This beast is the Hitec HS-805BB servo. Able to take in 6 volts and deliver an impressive 343 oz-in. of maximum torque at 0.14 sec/60°, this is a heavy duty servo and is not to be taken lightly!
This high quality servo is perfect for your mechatronic needs and if you are looking to get into robotics, this is where to start. The HS-805BB servo comes standard with a 3-pin power and control cable, Y-harness, and all hardware listed below.
Note: This servo can draw around 800mA, so keep that in mind when planning a power supply.
This skill concerns mechanical and robotics knowledge. You may need to know how mechanical parts interact, how motors work, or how to use motor drivers and controllers.
Skill Level: Competent - You may need an understanding of servo motors and how to drive them. Additionally, you may need some fundamental understanding of motor controllers.
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Whether it's for assembling a kit, hacking an enclosure, or creating your own parts; the DIY skill is all about knowing how to use tools and the techniques associated with them.
Skill Level: Noob - Basic assembly is required. You may need to provide your own basic tools like a screwdriver, hammer or scissors. Power tools or custom parts are not required. Instructions will be included and easy to follow. Sewing may be required, but only with included patterns.
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If it requires power, you need to know how much, what all the pins do, and how to hook it up. You may need to reference datasheets, schematics, and know the ins and outs of electronics.
Skill Level: Competent - You will be required to reference a datasheet or schematic to know how to use a component. Your knowledge of a datasheet will only require basic features like power requirements, pinouts, or communications type. Also, you may need a power supply that?s greater than 12V or more than 1A worth of current.
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Based on 2 ratings:
Is a really good servo for the price, is decent strenght at 0.14s make it good for robots with low PID necesities. Is a pity the taxes are so high in Spain :(
Wish it had a metal horn, other than that it's a good solid motor
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I don't want to start a flame ware here, but only three countries in the world haven't officially adopted the metric system. I know Sparkfun is in the USA, but even American engineers use metric. Ounce-inches? An online search tells me it's 2.42 newton-meters, in case anyone was wondering.
As a REAL engineer in America, I have never once used English units, and I refuse to ever do so. Whoever tells you that they are disappointed in the rest of the world for not being able to convert, or too lazy to google, is either mental, too lazy themselves, or ignorant. Use common sense please. Somebody that endorses english, please tell me how it makes your life easier than metric, PLEASE!
As an engineer in America, I still use English units. I see that you got the information you needed from the internet, which probably took less time than complaining about the units.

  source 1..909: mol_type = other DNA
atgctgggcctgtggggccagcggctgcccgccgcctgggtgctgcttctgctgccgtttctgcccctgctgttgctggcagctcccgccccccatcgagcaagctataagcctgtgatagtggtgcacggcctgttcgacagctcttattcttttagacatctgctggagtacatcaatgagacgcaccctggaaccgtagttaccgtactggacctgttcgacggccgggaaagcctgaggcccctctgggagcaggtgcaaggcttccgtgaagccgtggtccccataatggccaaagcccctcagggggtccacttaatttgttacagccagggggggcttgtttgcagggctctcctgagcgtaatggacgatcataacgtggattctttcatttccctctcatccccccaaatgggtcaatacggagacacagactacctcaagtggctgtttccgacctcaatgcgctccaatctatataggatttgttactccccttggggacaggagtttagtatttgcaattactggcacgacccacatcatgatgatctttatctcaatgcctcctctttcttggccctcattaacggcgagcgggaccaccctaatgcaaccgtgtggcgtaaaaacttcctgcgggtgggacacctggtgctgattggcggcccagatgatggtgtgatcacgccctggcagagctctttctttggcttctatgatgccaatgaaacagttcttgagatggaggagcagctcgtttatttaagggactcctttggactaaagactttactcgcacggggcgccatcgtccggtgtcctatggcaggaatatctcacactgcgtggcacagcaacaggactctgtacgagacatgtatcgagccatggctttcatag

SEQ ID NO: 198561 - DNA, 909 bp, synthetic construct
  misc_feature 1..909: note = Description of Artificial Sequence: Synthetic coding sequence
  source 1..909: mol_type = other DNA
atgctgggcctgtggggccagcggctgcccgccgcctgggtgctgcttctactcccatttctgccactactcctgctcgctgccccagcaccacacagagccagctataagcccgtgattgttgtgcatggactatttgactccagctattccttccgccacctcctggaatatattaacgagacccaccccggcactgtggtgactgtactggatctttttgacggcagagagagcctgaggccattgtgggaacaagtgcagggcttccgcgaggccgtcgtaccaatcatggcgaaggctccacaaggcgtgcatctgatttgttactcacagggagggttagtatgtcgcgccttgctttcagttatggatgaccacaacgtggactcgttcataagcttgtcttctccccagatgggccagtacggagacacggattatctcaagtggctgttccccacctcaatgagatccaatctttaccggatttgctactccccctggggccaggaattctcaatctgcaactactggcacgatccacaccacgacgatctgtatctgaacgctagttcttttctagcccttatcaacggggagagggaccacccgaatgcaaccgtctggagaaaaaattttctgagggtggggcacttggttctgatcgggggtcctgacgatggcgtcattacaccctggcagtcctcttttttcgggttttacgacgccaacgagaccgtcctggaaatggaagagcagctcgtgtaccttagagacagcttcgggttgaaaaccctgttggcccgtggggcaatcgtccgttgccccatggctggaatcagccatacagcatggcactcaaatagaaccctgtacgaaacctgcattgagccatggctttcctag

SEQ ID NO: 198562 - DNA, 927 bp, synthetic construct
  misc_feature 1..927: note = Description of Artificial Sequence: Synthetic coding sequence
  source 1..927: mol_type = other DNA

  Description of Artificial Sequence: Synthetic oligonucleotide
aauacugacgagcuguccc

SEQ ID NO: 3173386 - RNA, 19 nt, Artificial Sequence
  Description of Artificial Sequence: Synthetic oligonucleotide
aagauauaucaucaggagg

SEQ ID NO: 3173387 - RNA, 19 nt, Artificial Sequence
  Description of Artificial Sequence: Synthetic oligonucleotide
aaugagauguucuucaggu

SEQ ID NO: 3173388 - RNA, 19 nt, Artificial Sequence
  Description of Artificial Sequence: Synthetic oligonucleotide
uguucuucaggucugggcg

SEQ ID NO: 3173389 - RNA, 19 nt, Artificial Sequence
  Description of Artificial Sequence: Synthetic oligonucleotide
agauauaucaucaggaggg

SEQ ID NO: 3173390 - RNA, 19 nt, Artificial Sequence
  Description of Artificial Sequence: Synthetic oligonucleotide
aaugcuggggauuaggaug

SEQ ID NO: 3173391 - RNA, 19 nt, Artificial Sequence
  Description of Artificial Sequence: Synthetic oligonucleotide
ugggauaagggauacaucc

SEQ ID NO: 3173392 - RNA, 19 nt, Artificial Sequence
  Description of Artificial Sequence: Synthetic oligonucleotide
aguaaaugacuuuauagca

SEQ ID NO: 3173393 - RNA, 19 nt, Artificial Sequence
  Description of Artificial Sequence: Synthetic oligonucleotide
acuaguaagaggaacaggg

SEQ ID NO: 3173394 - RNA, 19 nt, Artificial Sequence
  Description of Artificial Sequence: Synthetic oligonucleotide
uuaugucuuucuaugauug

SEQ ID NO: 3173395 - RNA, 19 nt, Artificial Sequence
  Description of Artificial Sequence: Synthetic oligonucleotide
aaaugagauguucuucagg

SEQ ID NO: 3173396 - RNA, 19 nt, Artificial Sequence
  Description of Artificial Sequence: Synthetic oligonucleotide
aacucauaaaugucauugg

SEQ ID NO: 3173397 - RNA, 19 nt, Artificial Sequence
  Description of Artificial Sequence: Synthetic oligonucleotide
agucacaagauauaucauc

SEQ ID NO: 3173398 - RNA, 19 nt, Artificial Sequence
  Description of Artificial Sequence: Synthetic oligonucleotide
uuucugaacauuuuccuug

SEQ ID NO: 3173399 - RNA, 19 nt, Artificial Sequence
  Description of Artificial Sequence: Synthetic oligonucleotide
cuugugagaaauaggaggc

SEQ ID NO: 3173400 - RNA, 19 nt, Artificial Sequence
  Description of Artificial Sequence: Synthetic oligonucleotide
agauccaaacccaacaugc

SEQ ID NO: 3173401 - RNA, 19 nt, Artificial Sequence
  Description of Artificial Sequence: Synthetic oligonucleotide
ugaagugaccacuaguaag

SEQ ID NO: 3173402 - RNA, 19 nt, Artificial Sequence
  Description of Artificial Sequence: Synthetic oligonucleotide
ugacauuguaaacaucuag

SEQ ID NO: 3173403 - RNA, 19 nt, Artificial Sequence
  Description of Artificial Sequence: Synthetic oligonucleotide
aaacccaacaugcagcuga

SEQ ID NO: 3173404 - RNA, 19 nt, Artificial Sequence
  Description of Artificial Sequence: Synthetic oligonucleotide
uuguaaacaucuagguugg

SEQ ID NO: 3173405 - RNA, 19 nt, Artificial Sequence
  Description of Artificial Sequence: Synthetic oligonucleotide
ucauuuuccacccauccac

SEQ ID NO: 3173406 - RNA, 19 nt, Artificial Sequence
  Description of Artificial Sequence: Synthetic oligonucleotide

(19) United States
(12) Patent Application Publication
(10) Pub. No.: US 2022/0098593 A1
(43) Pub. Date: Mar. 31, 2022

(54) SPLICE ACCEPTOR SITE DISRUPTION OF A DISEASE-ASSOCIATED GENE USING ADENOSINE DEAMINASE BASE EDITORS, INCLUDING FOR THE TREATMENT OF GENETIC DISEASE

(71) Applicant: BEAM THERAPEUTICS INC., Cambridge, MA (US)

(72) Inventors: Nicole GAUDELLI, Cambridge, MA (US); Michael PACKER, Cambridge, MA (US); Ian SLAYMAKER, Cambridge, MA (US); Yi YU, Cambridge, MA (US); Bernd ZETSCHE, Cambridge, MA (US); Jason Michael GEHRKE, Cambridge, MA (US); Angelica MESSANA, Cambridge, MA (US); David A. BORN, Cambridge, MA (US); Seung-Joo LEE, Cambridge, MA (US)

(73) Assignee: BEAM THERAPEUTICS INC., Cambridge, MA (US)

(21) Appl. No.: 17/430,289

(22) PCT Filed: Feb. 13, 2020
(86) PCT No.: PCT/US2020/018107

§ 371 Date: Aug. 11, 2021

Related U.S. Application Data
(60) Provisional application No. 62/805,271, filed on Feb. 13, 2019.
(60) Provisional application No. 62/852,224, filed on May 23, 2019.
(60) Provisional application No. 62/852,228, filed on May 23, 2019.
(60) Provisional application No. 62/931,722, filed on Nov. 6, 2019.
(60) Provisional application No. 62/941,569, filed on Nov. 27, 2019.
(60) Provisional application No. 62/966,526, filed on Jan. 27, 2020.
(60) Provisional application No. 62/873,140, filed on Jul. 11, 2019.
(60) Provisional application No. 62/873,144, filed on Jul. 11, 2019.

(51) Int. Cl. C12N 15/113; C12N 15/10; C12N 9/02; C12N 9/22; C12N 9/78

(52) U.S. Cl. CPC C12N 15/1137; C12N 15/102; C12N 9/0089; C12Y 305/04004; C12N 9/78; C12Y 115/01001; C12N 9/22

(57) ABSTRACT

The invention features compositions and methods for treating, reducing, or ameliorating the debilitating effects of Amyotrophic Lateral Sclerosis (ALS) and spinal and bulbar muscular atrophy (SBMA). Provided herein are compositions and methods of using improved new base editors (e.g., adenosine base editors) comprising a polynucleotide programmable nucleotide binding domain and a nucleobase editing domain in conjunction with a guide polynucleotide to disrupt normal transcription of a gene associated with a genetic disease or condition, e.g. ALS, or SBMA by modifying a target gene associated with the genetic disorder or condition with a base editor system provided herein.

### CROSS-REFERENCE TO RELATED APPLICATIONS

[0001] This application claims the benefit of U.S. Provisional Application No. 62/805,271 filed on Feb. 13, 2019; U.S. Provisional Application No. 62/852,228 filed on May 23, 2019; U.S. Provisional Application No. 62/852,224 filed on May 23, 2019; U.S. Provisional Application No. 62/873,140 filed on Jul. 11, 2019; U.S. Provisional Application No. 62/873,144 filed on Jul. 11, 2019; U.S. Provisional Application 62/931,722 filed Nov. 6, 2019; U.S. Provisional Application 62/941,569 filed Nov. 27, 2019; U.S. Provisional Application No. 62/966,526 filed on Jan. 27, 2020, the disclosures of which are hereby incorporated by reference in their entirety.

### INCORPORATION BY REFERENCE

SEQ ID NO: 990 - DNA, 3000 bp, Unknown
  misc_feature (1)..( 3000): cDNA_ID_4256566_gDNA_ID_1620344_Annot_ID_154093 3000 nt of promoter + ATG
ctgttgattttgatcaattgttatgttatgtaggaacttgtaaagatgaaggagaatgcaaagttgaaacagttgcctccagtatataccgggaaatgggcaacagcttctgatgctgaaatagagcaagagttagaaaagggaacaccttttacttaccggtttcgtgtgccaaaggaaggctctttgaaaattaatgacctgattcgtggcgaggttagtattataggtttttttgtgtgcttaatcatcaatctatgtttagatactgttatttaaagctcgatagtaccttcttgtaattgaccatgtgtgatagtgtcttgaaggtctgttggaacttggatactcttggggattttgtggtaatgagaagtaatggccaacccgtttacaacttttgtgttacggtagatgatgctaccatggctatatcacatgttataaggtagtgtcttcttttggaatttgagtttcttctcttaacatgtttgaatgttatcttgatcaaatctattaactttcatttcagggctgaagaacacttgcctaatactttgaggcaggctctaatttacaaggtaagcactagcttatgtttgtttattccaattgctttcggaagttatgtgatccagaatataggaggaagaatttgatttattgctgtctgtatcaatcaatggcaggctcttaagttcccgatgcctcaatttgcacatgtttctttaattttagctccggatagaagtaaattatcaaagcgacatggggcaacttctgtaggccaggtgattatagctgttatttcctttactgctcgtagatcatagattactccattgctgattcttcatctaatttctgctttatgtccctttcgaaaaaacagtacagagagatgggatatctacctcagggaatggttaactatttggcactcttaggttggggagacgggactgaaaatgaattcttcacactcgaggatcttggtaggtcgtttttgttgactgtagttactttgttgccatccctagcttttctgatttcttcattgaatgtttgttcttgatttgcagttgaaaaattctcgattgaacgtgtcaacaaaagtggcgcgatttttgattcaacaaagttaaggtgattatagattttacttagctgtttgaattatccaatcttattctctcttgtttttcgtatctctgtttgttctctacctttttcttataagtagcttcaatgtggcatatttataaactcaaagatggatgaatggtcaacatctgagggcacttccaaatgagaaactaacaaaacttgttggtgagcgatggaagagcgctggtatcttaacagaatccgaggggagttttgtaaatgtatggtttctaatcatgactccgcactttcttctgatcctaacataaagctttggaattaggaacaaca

As an engineer in America, I am disappointed in the rest of the world if they can't figure out how to convert units, or use google to find an online calculator that will do it for them.
From previous experience working with these servos, (And actually this servo specifically), I can say these things are quite powerful. Though on a side note, if you run them under high stress for awhile they do heat up slightly.
I've got a project that appears to require more power than this servo has to offer. I have to turn the servo 55 degrees in 3 seconds or less with a load. I'm using limit switches and don't need feedback. I have tried Nema 17, Nema 23, and now this 808 servo. This servo almost does it. Can anyone suggest a motor of any kind that might work for this?
Have you tryed using a vex robotics motor?
Can anyone suggest a servo and driver with 2 or 3 times the power of the HS-808BB?
Are there any ServoBlocks mounts for use with this servo?
Hi. I would like to know the answer to that question myself. I've been looking for options to connect this 808 servo to something else. I wondered what horns came with it and looked. Oh yeah! The little round one that comes with it is exactly what I was looking for, well, if it is metal.
Did you ever find anything to match up to the D1 spline? Seems that someone somewhere has to have something to fit this puppy???
best wishes, david
Any plan on stocking Hitec HS-5805MG?
Seeing as how the current expected purchase for 200 units was four days ago, can you provide a current expected arrival date? Thank you for reading.
Come on, it has Giant right there in the description. Please add photos with a ruler to give a quick idea of the size. And how about adding both metric and imperial units? Torque in oz-in and dimensions in metric? Just include both. And one more thing, SparkFun rocks!
Now to get a few of this for a giant T-rex project!
for what it's worth, you can check out the video above for a size comparison.
These looked kind of jittery in the product video. Would you say these are stable enough for something like a biped or other legged robot, or would it look like me after too much coffee?
I am building a robot that runs off of used cooking oil and was wondering if this would work to move the throttle up to accelerate?
I'm looking to design a dumb waiter type pully system for my loft, would this work? How much weight could it lift?
Just throwing this out there, this thing weighs as much as an orange and the screws are the length of a large mosquito - according to the Dictionary of Numbers.